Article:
These 7 symptoms best predict a novel coronavirus infection, epidemiologists say

Brooklyn Writer

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TORONTO — A team of epidemiologists in the U.K. has determined that a set of seven symptoms, when expressed together, best predict SARS-CoV-2, the virus that causes COVID-19, in the community.

The study, published Tuesday in peer-reviewed journal PLOS Medicine, reports that the symptoms of loss or change of smell, loss or change of taste, fever, new persistent cough, chills, appetite loss, and muscle aches can be used to maximize the detection of COVID-19.

However, the study notes that not all of these symptoms are used in the U.K. to determine eligibility for PCR testing.

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To decide who should be tested in Canada, health care professionals assess people based on their symptoms (mild or severe), underlying medical condition or risk of exposure to the virus.

“In order to improve PCR positivity detection rates and consequently improve control of viral transmission via isolation measures, we would propose to extend the list of symptoms used for triage to all seven symptoms we identified,” the authors wrote.

The authors noted that “rapid detection” of coronavirus infection in the community is key to controlling transmission.

When testing capacity is limited, the study says that tests should be used in the “most efficient way possible,” including using the “most informative” symptoms for determining who to test.

The study, conducted by researchers from Imperial College London, looked at positive throat and nose swab tests from 1,147,345 volunteers in England aged five and older.

According to the study, the data was collected over eight testing rounds conducted between June 2020 and January 2021 as part of REal-time Assessment of Community Transmission, a series of studies using home testing to improve understanding of how COVID-19 is progressing across England.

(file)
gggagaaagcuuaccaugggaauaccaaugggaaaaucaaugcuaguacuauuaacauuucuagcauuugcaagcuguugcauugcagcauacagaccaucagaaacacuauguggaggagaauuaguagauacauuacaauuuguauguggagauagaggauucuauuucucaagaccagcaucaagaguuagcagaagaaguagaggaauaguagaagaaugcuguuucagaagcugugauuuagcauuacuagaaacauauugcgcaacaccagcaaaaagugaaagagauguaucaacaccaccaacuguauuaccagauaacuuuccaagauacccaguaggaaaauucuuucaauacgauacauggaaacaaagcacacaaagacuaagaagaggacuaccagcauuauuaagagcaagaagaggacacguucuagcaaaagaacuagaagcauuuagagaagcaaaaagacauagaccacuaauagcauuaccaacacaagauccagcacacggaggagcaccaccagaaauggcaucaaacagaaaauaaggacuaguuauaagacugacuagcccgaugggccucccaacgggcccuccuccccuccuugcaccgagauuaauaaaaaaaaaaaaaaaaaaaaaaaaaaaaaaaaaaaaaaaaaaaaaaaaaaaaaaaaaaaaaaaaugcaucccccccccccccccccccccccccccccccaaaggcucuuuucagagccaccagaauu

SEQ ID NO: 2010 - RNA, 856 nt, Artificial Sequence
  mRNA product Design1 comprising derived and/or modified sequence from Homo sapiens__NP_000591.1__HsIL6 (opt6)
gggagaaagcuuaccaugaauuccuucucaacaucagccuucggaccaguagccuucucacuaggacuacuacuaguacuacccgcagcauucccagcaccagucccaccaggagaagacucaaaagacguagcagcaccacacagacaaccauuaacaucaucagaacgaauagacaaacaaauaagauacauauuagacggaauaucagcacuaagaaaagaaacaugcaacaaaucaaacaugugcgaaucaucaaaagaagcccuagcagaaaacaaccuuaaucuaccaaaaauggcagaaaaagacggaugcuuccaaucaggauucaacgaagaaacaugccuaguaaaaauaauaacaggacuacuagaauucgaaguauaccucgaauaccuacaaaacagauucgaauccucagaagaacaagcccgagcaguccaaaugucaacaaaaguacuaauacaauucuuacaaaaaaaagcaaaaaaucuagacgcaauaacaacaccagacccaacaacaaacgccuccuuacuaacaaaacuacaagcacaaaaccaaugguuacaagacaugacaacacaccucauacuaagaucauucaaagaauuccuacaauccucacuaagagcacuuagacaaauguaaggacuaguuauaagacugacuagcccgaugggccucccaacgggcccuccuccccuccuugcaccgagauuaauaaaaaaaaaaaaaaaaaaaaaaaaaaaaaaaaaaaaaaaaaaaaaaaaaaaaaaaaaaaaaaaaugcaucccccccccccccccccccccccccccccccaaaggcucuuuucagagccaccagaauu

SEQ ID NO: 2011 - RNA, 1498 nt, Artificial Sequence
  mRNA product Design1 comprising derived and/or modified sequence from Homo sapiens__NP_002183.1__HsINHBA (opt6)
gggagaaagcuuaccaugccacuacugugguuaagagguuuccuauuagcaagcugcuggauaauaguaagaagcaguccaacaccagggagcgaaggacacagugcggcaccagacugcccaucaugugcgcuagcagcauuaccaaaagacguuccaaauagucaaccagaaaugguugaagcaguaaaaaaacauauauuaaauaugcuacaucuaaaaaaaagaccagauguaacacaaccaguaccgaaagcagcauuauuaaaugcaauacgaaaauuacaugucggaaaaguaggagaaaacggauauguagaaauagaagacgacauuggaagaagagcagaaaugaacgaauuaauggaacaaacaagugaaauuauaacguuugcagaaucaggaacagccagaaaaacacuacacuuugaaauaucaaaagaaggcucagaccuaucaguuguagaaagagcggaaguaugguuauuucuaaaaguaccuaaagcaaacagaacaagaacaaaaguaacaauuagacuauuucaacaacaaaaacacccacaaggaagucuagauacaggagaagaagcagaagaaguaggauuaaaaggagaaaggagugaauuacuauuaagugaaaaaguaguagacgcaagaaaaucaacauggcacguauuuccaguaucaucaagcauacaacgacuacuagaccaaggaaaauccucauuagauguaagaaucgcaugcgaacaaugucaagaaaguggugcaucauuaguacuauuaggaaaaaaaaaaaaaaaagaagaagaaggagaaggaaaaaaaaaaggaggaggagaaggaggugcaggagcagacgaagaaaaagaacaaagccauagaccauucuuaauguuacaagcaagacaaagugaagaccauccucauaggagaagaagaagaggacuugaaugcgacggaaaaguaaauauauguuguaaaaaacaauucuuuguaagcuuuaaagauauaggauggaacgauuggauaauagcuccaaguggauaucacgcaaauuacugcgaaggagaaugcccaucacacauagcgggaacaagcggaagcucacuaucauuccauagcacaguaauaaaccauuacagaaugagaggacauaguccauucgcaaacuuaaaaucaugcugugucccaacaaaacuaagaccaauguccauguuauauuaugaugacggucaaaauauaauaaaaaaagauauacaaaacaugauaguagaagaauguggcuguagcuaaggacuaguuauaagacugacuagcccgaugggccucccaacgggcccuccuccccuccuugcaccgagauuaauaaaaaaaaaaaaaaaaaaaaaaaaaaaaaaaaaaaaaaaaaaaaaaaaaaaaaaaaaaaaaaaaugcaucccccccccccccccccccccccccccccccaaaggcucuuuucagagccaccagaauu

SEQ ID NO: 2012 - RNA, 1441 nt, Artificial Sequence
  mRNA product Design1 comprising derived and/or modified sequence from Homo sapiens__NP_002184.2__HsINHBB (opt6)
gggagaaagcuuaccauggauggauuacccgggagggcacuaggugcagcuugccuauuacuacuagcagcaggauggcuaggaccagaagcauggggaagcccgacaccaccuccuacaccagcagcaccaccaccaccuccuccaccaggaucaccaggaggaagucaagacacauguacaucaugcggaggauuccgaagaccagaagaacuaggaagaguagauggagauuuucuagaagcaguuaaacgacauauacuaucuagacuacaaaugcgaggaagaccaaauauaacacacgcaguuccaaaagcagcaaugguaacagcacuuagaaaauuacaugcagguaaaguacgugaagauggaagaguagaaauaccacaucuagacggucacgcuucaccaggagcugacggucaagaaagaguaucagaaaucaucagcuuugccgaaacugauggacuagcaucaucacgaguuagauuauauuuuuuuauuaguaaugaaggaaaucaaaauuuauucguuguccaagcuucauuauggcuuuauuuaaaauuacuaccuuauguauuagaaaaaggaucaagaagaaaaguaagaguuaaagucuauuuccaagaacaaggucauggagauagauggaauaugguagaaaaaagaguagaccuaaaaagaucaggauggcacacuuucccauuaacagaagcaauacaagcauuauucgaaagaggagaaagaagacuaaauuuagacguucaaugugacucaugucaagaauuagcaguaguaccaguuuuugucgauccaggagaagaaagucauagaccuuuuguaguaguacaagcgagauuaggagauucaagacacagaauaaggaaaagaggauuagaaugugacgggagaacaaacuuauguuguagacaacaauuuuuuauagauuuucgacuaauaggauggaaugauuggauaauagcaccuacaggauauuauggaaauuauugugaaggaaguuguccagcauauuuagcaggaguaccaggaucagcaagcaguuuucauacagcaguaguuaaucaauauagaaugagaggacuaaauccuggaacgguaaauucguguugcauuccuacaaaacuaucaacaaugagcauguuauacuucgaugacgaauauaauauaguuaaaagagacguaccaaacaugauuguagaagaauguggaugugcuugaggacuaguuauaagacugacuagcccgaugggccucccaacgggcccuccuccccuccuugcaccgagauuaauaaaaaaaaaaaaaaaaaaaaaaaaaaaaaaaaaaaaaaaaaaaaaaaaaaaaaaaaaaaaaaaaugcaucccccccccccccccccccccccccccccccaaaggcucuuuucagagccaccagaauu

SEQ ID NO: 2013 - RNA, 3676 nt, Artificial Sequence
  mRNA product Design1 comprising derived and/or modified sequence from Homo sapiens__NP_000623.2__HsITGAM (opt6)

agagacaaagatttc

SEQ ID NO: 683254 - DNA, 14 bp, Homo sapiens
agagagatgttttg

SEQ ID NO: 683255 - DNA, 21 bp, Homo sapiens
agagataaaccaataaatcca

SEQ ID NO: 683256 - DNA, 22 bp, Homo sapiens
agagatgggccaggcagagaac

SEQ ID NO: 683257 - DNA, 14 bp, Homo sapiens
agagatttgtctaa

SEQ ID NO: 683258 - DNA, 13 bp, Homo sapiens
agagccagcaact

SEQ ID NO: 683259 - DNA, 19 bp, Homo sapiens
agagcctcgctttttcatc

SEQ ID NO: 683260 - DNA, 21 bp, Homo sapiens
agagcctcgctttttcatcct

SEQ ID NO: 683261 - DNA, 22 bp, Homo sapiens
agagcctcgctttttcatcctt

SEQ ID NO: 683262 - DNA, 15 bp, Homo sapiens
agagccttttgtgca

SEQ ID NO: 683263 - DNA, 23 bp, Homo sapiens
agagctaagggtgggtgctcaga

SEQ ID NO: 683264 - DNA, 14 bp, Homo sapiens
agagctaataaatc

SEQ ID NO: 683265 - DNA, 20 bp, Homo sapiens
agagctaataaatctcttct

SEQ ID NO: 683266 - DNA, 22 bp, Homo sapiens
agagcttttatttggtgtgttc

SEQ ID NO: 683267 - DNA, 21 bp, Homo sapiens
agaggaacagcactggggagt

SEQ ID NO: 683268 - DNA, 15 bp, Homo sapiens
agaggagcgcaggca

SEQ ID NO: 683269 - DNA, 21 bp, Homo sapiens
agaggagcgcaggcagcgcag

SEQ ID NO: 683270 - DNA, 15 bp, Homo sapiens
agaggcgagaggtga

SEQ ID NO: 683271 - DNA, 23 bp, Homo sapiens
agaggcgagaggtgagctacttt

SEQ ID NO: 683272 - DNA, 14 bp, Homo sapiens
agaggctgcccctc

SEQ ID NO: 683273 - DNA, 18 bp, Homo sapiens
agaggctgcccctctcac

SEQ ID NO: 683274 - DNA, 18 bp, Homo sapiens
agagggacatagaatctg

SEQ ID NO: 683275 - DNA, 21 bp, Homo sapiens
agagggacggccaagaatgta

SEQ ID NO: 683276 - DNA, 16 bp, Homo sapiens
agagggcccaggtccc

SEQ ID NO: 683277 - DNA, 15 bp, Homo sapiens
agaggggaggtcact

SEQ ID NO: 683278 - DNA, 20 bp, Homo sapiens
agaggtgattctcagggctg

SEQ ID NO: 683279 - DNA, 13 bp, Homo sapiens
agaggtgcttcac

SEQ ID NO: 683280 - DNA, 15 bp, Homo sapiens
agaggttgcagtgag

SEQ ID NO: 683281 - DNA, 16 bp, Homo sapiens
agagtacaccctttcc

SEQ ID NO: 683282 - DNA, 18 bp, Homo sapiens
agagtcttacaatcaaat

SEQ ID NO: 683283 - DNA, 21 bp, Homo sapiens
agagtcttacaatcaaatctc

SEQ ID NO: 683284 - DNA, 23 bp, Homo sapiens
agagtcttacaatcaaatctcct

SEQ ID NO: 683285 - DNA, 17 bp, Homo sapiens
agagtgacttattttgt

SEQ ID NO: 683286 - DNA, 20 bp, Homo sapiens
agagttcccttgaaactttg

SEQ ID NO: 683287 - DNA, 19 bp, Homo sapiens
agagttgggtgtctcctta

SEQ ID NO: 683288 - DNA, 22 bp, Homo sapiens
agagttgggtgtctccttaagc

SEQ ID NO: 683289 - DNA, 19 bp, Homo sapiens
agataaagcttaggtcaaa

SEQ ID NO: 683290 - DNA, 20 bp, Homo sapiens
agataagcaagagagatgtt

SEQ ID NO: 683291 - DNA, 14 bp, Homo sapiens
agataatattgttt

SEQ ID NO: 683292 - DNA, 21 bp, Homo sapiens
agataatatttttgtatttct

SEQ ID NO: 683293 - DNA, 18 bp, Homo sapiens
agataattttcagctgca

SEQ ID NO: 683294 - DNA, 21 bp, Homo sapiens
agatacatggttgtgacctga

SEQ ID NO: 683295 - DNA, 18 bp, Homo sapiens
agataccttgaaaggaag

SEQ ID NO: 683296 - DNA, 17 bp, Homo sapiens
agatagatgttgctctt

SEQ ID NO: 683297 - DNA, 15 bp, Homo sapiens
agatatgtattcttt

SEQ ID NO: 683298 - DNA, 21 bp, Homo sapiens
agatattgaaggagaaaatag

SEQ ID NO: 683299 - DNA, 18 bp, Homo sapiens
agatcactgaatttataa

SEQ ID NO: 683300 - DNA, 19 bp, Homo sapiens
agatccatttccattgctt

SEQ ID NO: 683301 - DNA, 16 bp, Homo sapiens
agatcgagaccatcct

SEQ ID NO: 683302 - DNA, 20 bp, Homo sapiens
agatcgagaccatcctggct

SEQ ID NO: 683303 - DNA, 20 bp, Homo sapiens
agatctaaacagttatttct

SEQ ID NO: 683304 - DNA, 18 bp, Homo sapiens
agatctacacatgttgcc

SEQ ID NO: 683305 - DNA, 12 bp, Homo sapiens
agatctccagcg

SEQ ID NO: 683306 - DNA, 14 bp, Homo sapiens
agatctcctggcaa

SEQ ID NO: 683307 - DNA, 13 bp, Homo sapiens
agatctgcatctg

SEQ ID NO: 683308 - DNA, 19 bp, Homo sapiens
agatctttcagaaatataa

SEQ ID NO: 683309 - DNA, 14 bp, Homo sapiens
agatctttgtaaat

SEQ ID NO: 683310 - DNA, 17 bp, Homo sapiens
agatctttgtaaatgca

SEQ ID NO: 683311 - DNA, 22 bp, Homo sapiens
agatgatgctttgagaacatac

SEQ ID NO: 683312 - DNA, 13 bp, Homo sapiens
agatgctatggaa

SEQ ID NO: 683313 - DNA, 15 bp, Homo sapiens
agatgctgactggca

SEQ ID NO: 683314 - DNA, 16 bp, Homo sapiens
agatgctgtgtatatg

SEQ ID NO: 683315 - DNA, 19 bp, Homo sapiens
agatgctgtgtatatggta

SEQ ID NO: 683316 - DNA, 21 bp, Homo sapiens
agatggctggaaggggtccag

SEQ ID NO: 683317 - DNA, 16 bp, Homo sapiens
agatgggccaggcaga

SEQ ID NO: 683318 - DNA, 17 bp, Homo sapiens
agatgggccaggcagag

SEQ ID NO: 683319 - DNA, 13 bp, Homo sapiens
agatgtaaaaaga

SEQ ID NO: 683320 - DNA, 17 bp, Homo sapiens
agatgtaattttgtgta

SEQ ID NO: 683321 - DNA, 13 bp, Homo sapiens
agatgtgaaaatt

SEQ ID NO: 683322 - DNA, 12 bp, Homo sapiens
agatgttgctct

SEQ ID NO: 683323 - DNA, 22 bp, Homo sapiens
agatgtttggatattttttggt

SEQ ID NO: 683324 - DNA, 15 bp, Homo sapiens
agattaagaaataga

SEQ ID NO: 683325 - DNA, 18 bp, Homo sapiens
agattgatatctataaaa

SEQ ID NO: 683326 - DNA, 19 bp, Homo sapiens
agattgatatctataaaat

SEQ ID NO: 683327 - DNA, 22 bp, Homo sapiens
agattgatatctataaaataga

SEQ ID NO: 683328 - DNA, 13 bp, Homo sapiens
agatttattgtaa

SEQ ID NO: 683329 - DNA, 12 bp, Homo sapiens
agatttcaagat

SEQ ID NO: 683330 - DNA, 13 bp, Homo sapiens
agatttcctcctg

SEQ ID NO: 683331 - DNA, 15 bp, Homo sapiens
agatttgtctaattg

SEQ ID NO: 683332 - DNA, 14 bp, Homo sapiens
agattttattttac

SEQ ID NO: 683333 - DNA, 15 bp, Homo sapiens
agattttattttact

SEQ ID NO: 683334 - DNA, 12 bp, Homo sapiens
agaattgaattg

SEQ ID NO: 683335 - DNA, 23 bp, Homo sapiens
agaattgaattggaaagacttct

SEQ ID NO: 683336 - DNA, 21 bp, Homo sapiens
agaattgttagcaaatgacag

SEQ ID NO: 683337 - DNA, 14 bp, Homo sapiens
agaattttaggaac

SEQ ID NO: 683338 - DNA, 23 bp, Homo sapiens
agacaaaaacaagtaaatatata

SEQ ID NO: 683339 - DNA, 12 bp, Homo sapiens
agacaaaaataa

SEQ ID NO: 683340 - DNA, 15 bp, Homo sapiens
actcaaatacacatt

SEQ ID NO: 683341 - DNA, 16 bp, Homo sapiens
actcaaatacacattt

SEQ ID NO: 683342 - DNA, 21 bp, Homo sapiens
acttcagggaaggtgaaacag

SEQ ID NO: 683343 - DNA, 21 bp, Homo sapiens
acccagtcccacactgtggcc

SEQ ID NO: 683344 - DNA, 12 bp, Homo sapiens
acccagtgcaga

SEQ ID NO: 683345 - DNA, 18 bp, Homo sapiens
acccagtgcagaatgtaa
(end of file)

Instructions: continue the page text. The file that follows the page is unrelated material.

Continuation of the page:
The participants were asked about their symptoms in the week prior to testing. From this, the researchers determined the seven symptoms that can jointly predict COVID-19 positivity.

The study found that testing people in the community with at least one of the seven symptoms gave sensitivity, specificity, and positive predictive values of 74 per cent, 64 per cent, and 9.7 per cent, respectively.

Modelling conducted by the researchers suggests that using all seven symptoms to determine PCR test allocation would result in 30 to 40 per cent of symptomatic individuals in England being eligible for a test, compaired to 10 per cent currently.

In addition, the study reported that if all those deemed eligible were tested, this would result in the detection of 70 to 75 per cent of positive cases.

Study author and University College London professor Paul Elliot said there is a need for “clear testing criteria” given that signs of COVID-19 infection include symptoms that are commonly found in other illnesses, such as influenza.

“These findings suggest many people with COVID-19 won’t be getting tested — and therefore won’t be self-isolating — because their symptoms don’t match those used in current public health guidance to help identify infected people,” Elliot said in a press release.

“I hope that our findings on the most informative symptoms mean that the testing program can take advantage of the available evidence, helping to optimise the detection of infected people,” he added.

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